While there are no longer Sisters of Charity on staff at Seton High School, SCs continue to offer their support and mentorship to the school’s staff and students.

She would also be taught by many SCs in Seton High School, including Sisters Benedicta Mahoney, Mary Dolores and Marie Irene Schneider. These Sisters were just a few of the many role models and inspirations that Kathy had that nurtured her faith. In addition, Kathy worked with the Sisters in a co-op position at the College of Mount St. Joseph where she attended, which has since become Mount St. Joseph University. “Every year growing up, I had them as one of my teachers,” she says. “I like to joke that the Sisters of Charity raised me.”

When Kathy graduated from the Mount in 1992 with a major in Communications, Seton High School needed someone to run their Development Department for six months until a director was hired. Though she was hesitant to return to her alma mater, she found that she was a natural fit as an employee. She says, “After the first week I asked myself, ‘Why I would ever leave?’” Kathy was hired by her former principal, S. Brenda Busch, who continues to be a mentor and friend to her today.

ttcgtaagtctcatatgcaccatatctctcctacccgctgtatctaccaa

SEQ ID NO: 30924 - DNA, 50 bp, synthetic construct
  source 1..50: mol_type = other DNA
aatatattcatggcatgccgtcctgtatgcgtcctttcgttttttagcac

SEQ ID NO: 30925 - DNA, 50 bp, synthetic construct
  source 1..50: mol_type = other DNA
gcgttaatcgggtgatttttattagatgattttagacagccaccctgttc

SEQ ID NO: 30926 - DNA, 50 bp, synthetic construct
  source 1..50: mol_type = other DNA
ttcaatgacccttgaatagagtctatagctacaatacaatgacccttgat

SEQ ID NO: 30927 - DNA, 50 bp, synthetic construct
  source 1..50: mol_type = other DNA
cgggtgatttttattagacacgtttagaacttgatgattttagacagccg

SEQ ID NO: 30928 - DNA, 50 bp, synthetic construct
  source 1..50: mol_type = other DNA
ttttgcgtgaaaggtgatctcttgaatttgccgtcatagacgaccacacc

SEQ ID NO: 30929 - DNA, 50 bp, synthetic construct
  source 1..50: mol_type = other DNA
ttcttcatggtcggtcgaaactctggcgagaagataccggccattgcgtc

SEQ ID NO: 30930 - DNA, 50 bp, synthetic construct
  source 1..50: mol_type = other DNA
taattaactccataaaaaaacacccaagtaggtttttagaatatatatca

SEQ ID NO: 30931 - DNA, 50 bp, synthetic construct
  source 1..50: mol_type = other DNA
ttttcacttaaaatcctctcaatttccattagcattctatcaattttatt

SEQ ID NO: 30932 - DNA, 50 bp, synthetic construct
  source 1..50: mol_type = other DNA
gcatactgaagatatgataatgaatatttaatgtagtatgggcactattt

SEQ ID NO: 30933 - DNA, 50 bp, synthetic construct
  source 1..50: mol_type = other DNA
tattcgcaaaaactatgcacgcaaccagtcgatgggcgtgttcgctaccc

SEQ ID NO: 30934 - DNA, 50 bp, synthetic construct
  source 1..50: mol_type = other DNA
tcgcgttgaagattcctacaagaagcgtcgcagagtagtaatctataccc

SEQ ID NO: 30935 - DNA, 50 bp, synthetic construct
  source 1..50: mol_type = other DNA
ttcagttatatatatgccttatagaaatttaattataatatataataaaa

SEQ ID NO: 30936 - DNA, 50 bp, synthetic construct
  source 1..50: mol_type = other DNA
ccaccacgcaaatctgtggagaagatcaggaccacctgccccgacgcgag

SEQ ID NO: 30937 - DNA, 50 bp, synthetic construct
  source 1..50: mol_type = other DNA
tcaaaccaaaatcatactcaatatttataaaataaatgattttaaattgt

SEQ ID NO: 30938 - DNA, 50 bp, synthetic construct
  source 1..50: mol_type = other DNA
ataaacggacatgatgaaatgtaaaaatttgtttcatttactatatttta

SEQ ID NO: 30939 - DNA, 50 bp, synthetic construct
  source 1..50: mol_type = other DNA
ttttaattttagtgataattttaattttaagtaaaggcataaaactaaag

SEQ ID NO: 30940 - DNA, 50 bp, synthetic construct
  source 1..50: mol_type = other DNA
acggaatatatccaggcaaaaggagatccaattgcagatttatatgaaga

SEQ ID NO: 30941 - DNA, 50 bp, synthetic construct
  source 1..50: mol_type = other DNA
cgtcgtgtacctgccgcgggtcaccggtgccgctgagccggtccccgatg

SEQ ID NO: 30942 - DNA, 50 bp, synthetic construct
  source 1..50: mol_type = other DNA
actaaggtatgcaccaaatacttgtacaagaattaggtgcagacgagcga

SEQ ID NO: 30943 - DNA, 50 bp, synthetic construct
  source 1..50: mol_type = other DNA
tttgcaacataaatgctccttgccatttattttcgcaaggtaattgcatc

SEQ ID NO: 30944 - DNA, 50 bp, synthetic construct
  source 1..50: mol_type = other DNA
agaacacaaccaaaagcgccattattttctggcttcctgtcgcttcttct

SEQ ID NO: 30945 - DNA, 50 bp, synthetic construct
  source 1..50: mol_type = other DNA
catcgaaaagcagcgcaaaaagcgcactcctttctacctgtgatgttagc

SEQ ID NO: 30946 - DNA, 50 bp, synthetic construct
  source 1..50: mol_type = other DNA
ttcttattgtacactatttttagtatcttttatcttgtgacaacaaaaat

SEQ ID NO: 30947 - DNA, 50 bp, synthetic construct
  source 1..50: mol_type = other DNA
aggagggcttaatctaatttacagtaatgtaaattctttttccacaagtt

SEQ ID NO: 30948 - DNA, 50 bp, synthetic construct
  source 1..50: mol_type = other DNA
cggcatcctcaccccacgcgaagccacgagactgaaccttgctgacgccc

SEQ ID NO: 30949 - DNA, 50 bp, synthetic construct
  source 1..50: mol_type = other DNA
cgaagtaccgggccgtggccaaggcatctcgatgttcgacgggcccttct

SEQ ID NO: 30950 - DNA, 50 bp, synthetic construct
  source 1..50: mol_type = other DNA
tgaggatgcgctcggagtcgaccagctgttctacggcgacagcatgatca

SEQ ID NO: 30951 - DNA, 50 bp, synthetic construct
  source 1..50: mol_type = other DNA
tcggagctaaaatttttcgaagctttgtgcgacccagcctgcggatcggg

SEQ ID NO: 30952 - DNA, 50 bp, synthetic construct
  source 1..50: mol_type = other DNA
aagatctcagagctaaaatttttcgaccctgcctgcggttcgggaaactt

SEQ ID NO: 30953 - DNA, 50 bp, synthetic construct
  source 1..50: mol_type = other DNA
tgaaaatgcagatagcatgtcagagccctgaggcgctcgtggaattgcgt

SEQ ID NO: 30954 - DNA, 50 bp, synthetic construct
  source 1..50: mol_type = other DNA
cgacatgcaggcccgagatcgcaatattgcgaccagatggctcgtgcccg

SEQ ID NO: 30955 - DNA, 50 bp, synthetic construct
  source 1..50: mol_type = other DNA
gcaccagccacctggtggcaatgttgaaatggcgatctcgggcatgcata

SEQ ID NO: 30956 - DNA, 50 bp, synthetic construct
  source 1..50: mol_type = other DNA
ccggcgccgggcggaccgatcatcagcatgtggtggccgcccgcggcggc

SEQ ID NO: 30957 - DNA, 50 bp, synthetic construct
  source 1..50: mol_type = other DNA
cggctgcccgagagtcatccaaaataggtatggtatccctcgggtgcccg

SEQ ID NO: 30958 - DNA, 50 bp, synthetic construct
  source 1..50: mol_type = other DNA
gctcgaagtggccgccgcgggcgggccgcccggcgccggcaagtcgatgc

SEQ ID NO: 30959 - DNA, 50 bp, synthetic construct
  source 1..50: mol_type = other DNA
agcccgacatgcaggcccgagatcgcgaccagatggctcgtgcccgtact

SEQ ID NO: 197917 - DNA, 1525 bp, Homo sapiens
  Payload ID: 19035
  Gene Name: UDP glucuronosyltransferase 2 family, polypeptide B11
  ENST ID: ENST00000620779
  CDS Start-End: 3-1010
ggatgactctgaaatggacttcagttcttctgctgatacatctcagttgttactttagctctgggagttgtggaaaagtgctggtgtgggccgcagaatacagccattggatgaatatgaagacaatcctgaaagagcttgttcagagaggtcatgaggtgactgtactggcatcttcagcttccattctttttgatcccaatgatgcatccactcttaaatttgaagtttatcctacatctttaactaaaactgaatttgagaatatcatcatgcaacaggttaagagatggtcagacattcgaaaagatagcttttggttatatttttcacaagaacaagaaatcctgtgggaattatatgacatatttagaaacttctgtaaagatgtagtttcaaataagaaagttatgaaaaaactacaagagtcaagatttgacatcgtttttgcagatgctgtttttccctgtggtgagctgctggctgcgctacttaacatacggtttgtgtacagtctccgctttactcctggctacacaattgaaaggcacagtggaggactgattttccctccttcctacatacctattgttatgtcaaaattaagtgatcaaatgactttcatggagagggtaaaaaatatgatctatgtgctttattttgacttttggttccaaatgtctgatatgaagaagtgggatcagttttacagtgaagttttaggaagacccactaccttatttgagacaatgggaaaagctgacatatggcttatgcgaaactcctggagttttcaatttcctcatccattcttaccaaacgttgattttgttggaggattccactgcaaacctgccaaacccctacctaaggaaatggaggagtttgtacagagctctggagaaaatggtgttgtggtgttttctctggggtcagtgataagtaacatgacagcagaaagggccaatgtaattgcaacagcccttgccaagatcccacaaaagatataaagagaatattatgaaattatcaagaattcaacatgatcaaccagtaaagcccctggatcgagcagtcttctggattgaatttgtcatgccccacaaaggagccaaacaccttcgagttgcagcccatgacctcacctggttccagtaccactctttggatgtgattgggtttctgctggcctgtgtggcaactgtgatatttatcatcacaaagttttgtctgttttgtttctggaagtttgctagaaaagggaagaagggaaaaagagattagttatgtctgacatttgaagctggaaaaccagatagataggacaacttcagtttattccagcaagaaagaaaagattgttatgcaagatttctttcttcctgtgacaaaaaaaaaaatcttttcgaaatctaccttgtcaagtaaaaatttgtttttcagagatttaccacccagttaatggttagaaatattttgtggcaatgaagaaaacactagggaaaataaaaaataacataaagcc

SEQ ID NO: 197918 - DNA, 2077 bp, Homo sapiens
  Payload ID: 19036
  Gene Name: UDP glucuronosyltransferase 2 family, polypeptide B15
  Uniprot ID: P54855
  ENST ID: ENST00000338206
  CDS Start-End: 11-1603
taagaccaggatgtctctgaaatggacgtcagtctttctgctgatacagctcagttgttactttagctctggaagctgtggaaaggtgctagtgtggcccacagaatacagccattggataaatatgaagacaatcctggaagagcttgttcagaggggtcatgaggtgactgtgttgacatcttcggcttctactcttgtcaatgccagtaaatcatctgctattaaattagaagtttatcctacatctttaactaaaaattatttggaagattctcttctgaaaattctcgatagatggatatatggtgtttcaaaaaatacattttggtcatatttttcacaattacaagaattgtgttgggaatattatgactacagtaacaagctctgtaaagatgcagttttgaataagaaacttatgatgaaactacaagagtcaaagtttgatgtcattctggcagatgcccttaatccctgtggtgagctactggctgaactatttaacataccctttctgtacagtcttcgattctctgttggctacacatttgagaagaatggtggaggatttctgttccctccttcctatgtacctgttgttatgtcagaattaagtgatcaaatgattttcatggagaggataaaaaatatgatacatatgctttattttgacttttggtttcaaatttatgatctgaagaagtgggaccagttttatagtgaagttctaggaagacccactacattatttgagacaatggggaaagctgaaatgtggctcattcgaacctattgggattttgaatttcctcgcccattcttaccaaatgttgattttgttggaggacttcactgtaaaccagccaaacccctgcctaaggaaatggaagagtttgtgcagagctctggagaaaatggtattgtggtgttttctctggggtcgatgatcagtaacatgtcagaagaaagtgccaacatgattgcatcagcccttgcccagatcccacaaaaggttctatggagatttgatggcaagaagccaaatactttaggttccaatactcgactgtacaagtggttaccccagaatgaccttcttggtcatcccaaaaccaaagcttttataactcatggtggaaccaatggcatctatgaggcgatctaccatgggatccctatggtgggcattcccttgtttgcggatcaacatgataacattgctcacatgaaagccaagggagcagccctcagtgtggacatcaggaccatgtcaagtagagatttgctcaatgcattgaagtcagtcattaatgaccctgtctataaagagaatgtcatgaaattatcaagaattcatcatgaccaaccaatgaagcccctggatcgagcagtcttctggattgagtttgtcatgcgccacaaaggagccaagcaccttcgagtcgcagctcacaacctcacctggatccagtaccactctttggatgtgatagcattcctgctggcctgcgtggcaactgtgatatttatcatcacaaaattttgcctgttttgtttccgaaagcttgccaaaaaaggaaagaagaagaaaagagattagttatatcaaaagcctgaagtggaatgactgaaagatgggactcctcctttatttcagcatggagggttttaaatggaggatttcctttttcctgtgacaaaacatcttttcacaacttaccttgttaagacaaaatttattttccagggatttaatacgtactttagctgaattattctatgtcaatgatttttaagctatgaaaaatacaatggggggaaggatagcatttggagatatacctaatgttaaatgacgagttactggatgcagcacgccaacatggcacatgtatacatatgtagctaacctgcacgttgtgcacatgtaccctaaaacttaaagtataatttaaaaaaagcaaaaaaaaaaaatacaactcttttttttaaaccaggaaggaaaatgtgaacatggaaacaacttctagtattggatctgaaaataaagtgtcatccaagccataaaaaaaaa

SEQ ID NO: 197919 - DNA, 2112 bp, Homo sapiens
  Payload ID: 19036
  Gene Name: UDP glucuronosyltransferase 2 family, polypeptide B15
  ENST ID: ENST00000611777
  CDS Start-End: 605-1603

After the six-month period had been fulfilled, Seton High School decided that Kathy was the ideal choice for the position. She was hired as the director of the Development Department because of her exceptional work and her connection with the school. Kathy attributed her professionalism to her “fantastic education,” stating that she was well-equipped for the workplace because of the Sisters. She stayed for eight years, leaving to become a stay-at-home mom after her second child was born. Kathy continued to volunteer at her high school for eight years before returning to work in the Development Department. She stayed for five more years, but was looking for new opportunities to grow in a professional setting. Eventually finding work at the Literacy Network of Greater Cincinnati for five years, Kathy was surprised to learn that the organization was founded by Sister of Charity Julia Mary Deiters. “I knew that was a sign,” Kathy says.